Understanding the Search terms report
Use the Search terms report to see how your ads performed when triggered by actual searches within the Search Network. Identify new search terms with high potential, and add them to your keyword list. Look for search terms that aren't as relevant to your business, and add them as negative keywords. This can help you avoid spending money showing your ad to people who aren't interested in it.
What's the difference between a search term and a keyword? A search term is the exact word or set of words a customer enters when searching on Google.com or one of our Search Network sites. A keyword is the word or set of words AdWords advertisers create for a given ad group to target your ads to customers.
David is looking to buy a Valentine’s Day bouquet online. He types “red roses” into the search box on Google.com. “Red roses” is the search term. Let's say you're the owner of an online flower business. Because you have included the word “roses” as a keyword in your AdWords campaign, your ad may be eligible to show on David’s search results page.
View your search terms data
- Sign in to your AdWords account at https://adwords.google.com.
- Click the Campaigns tab.
- Click the Keywords tab.
- Click the "Details" button above your statistics table.
- Select "All" from the drop-down menu to analyze the search terms for all your listed keywords.
- To only see search terms for specific keywords, first select the checkboxes for the keywords you're interested in, then choose "Selected" from the menu.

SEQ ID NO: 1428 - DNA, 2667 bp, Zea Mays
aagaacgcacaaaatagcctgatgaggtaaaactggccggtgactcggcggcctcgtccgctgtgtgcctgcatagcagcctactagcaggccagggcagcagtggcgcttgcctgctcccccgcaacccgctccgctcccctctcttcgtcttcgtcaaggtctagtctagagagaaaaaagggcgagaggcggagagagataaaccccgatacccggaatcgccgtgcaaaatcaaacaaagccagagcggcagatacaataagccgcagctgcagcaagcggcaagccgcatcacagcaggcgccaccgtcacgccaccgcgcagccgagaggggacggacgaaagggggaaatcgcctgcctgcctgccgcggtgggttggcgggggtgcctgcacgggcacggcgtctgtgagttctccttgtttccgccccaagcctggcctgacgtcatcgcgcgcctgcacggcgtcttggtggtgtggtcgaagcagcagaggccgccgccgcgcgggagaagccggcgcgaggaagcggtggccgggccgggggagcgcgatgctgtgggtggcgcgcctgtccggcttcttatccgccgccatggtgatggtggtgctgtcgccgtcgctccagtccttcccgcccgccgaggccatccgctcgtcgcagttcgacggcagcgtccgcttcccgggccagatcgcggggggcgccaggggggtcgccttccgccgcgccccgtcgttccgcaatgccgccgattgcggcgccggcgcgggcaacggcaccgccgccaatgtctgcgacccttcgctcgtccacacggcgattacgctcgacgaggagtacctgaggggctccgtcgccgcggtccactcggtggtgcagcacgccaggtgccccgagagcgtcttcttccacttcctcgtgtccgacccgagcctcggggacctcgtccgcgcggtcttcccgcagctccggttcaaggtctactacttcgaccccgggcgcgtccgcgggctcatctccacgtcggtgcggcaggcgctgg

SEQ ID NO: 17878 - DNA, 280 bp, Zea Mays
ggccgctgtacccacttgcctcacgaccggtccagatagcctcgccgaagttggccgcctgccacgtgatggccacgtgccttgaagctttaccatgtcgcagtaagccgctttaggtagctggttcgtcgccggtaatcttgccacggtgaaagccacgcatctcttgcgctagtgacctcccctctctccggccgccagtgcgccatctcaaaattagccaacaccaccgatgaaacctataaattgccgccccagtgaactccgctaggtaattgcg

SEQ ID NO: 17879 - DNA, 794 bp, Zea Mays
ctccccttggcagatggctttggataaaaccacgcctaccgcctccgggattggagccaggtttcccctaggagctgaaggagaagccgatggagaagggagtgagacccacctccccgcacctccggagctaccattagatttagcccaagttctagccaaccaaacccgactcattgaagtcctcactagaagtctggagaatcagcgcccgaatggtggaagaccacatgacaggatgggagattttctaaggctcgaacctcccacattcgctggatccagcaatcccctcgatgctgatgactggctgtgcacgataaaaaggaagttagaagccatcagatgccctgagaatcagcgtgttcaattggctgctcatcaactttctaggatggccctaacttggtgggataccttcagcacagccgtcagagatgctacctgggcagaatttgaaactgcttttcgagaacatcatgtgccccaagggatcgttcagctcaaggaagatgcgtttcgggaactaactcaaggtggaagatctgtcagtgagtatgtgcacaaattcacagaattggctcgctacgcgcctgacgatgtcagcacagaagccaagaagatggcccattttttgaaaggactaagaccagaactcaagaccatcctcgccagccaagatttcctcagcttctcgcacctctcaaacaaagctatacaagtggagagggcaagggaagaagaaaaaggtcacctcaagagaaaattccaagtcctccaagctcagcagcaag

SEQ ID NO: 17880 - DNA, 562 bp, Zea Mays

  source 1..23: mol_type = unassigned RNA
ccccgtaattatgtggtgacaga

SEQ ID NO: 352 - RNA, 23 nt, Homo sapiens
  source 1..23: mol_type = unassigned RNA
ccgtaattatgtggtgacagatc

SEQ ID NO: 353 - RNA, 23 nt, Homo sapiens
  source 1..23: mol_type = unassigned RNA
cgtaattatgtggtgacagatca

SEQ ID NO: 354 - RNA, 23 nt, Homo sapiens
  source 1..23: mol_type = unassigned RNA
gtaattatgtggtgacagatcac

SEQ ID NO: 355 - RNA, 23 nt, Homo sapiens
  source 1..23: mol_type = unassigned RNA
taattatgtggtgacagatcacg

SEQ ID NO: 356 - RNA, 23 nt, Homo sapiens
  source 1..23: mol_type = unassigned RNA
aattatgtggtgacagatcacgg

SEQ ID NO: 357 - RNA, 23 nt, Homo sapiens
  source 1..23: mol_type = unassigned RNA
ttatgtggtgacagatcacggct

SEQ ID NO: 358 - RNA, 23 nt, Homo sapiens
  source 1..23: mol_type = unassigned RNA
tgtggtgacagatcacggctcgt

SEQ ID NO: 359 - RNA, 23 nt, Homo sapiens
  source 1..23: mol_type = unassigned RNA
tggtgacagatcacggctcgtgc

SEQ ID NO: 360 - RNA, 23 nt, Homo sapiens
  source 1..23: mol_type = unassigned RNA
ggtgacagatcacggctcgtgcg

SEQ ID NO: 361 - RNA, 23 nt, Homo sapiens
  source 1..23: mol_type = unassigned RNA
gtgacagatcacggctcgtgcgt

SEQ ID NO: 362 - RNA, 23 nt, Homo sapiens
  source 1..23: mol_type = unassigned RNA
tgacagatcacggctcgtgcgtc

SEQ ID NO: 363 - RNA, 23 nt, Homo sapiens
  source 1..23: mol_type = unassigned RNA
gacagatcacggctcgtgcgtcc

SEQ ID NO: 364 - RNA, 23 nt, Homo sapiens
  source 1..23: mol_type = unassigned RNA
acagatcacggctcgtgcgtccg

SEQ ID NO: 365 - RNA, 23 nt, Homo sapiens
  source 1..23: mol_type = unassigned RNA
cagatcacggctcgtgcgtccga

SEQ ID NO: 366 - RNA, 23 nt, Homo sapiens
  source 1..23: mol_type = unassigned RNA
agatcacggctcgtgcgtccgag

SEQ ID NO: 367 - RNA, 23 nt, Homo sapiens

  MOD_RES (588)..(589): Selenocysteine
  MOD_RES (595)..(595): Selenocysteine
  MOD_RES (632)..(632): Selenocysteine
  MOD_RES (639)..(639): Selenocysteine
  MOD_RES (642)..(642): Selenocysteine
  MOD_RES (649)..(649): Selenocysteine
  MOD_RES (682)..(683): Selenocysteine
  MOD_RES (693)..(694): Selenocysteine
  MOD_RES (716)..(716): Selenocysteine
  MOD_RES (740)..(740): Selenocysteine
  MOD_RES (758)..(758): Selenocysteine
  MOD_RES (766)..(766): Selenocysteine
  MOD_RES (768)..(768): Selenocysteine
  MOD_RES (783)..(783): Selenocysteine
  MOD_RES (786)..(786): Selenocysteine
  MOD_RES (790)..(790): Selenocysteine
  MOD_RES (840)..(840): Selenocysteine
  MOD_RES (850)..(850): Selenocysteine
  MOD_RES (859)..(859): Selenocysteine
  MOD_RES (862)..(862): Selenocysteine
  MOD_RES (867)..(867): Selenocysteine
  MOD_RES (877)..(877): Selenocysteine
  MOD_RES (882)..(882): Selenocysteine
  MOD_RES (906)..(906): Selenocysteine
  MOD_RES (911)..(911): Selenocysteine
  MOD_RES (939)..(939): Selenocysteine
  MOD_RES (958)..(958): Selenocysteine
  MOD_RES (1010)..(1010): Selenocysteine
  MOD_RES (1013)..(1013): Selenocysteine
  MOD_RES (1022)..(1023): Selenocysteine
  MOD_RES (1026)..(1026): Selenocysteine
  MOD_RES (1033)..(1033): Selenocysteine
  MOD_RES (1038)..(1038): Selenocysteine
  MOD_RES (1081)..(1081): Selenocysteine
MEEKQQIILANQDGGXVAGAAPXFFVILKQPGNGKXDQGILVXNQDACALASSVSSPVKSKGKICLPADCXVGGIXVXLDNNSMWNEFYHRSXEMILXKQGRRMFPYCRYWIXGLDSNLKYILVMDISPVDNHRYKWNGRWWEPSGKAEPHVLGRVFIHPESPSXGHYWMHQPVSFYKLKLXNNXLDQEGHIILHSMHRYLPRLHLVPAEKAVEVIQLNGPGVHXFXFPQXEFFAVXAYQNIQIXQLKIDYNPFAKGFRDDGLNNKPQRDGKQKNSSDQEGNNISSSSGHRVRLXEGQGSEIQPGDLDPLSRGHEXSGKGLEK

- Now you'll see data on which search terms triggered impressions and clicks. To download the data in a report, click the download button .
Keep in mind that you’ll only see search terms that were used by people at least 24 hours ago and have either received clicks in the past 30 days or were searched for by a significant number of people. Any search terms that did not meet this criteria will be summed up in the 'Other search terms' row.
Understanding your search terms data
The "Keyword" column tells you which one of your keywords matched someone’s search term and triggered your ad. This information can help you see your keywords “in action” by showing you how they are matching to actual searches.
You can use the data in the "Keyword" column to improve your keyword list. For example, let’s say you sell tulips. When you look at your Search terms report, you see that your broad match keyword flowers triggers your ad to show when people search for red roses and purple orchids -- flowers you don’t sell. So, you decide to refine your keyword list to focus on terms and phrases more specific to the products you do offer: tulips.
To enable the "Keyword" column, click the Columns drop-down menu and choose "Customize columns." Then, click the Add link next to "Keyword" and click Apply.
The "Match type" column in your search terms report tells you how closely the search terms that triggered your ads on Google are related to the actual keywords in your account.By seeing which match types are working well for which keywords and searches, you can refine match types for all your keywords to better hone in on the right customers.
How search term match type is determined
To help you understand how the search term match type is determined, we'll use the following example:
|Ad group A||Exact match keyword [purple flowers]|
|Ad group B||Phrase match keyword "purple flowers"|
|Ad group C||Broad match keyword purple flowers|
Keeping these ad groups and keywords in mind, we'll use the following table to show you how different search terms that triggered your ads on Google are related to your keywords. Note that when the search term match type is a close variation, this includes misspellings, singular and plural forms, acronyms, stemmings (such as floor and flooring), abbreviations, or accents.